Well, questions need to be written in such a way that they invite good answers. Take a look at for example the Good subjective, Bad subjective blog post: Out of 6 guidelines for good subjective questions given at the end of it, 4! are related to the kinds of answers a good subjective post should invite, this includes inviting backed up answers. If people see a question that's not doing this, they're free to close or edit such a question.
Much like a don't answer this acknowledges that OP wrote a valid question, but explains why OP shouldn't do something (or in this case why there is no etiquette).
As for those 'Don't do it' answers, we've had a lot of discussions on what makes a 'good' don't do it answer since. This is the most recent post on writing such answers. Basically, a good 'don't to it' answer includes another way to reach the goals set out in the question, it for example answers a question about telling something with 'you better ask, here's why'.
I don't think we can really explain why there is no etiquette. Is it because we looked on Google and found nothing? For about as long as IPS has been existing, we've tried to get rid of answers saying 'There is no Interpersonal Skill for this':
I don't particularly like answers that say "There's no interpersonal solution here." Two points spring to mind:
- It's very, very hard to show that there's no interpersonal solution to an interpersonal problem.
- It's very, very easy to claim that there isn't and then write a non-IPS answer.
Have you considered what would be the back-up for saying 'There is no established etiquette for this'? Would a quick Google search suffice? A Google Scholar search? An exhaustive search through anthropological research materials dating back at least to the 1500's?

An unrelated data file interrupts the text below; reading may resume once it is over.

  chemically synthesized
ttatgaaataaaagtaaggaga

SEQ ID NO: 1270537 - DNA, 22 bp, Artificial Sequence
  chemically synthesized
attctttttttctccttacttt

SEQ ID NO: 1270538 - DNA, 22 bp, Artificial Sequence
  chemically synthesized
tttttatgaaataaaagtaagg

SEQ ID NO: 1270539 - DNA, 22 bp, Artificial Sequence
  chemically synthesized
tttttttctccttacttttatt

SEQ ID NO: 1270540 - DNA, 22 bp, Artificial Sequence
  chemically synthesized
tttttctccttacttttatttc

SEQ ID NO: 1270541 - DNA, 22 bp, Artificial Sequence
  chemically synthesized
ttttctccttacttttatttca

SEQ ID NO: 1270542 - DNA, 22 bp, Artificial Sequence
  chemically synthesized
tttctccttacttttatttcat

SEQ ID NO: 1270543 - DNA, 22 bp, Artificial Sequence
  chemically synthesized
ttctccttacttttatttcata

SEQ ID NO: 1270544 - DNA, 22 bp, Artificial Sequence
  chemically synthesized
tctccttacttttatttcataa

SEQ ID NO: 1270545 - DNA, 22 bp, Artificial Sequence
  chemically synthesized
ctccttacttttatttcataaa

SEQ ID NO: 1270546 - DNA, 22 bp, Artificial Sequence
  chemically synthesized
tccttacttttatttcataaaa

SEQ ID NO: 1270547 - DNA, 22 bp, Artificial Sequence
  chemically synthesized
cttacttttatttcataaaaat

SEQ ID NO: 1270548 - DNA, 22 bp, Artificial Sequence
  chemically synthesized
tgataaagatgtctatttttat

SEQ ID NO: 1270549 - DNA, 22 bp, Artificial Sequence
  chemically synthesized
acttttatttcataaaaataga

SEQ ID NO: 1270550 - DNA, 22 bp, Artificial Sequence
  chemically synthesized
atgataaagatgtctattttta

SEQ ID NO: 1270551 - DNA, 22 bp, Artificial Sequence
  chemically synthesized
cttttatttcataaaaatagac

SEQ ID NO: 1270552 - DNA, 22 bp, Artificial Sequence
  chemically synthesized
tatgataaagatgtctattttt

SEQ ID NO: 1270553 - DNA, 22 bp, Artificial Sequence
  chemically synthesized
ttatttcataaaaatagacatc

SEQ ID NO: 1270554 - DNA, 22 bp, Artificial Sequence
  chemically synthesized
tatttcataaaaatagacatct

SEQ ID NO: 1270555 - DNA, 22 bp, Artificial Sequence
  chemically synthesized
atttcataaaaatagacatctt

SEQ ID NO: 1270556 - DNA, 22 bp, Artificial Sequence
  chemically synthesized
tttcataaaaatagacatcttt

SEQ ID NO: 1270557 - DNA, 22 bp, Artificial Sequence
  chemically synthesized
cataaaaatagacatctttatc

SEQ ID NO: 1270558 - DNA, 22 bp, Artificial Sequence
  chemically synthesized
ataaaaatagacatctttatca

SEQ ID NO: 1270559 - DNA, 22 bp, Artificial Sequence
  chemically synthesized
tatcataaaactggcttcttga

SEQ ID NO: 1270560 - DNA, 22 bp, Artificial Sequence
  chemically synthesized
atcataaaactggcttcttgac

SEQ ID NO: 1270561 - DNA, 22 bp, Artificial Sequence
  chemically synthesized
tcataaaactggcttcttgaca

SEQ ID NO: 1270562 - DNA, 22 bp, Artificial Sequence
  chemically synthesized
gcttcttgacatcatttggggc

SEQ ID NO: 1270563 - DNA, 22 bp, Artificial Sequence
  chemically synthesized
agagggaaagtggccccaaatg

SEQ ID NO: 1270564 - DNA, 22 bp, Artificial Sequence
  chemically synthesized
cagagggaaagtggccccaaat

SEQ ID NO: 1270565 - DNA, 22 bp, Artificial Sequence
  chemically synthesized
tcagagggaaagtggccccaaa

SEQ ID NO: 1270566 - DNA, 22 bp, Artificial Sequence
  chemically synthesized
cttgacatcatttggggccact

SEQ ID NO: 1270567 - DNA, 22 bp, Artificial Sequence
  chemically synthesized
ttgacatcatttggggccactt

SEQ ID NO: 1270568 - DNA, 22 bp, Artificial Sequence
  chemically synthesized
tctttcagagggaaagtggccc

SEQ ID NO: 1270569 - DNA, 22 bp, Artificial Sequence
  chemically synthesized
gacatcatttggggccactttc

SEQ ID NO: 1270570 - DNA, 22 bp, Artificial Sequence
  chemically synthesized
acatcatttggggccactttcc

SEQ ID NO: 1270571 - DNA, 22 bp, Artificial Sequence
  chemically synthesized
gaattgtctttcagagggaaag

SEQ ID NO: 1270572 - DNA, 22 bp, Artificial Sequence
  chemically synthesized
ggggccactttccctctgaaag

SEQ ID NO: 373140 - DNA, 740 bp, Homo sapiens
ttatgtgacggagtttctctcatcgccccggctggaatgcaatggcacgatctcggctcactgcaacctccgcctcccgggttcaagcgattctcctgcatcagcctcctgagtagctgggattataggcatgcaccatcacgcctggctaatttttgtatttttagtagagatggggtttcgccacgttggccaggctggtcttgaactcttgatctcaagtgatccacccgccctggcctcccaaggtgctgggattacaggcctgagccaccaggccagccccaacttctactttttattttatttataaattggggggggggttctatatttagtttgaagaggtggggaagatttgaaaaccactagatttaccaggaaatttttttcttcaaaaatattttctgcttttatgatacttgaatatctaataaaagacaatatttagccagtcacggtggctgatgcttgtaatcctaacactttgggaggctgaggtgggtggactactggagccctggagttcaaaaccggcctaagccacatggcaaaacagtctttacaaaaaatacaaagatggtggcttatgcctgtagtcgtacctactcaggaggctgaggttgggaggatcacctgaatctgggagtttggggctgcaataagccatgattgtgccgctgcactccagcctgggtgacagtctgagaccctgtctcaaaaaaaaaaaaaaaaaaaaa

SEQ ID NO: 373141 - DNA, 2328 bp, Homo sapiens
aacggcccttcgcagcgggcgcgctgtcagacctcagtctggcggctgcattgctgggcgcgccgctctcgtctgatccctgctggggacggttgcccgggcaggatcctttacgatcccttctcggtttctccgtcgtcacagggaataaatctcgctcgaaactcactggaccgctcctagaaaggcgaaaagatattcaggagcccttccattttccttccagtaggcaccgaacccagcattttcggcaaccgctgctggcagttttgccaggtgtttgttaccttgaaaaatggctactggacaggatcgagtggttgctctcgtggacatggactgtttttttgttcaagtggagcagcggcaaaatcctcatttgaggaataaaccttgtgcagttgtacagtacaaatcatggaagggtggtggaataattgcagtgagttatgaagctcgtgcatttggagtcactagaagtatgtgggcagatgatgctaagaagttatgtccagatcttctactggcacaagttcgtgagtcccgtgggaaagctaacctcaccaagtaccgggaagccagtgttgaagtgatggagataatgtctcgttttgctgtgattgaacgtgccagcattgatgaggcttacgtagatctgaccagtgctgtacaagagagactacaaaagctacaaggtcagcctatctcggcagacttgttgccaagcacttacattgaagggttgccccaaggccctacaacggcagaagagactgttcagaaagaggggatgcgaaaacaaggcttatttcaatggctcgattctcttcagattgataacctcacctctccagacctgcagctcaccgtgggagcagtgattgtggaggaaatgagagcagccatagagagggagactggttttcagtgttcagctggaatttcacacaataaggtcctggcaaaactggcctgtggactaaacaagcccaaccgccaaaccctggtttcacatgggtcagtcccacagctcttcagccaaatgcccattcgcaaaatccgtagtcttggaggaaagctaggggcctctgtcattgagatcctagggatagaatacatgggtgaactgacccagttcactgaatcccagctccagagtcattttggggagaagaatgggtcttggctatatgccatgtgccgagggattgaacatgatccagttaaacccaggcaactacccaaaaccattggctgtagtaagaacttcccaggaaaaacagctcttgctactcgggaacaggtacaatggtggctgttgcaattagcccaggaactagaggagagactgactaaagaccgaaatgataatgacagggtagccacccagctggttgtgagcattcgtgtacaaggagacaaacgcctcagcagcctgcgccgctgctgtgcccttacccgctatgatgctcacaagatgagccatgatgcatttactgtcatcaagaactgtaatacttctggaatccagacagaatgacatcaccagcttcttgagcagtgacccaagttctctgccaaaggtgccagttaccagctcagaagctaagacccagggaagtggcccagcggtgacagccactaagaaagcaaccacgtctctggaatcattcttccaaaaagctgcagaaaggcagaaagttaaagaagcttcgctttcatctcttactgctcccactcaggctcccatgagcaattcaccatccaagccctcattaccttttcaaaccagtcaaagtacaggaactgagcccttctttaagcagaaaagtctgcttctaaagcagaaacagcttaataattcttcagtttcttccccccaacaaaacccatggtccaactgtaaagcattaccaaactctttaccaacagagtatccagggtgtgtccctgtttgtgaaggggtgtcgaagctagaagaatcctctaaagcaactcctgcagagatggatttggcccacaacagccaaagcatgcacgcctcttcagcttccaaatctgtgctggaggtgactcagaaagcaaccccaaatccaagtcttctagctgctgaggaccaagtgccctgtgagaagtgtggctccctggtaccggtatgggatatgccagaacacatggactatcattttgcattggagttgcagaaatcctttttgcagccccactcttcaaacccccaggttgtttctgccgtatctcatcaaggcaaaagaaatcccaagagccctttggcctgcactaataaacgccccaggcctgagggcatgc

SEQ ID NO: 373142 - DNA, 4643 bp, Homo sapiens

Allowing questions asking 'what is the etiquette for X' allows for answers saying 'As far as I'm aware there's none, but here's a way of doing X'. Out of the three answers that question got, this is the only one left standing. The other two were deleted, for saying things like 'offer a donut' or 'do X', without even referring to etiquette at all. Do we really want questions and answers inviting such answers? Now we're out of HNQ this may be manageable for a bit, but what are we going to do as the site grows and the quantities of such answers become higher and higher?
We already have quite a lot of expectations for answers on IPS. Do we really want to add more for etiquette questions, make exceptions to established rules like the above on writing answers saying 'there's no interpersonal solution here' just for etiquette questions? For me, it might make the site more confusing instead of easier to use, new users don't realize we treat etiquette and interpersonal skills differently and start applying the wrong 'standards' to both questions and answers. It will add another point to the already steep learning curve for participating on IPS.
Can we please start writing "There is no established etiquette" answers instead of closing valid questions as primarily opinion based.
I'd say we go on a case by case basis. If the 'what is the etiquette' question is no more than a thinly veiled 'what should I do' question, it should be closed. If it can be edited to be a proper normal IPS question, or a proper etiquette question, feel free to try and edit. If the question is already about whether or not a specific and proven rule of etiquette applies under specific circumstances, such a question is likely to remain open and otherwise it's editing and reopening can be discussed here on meta.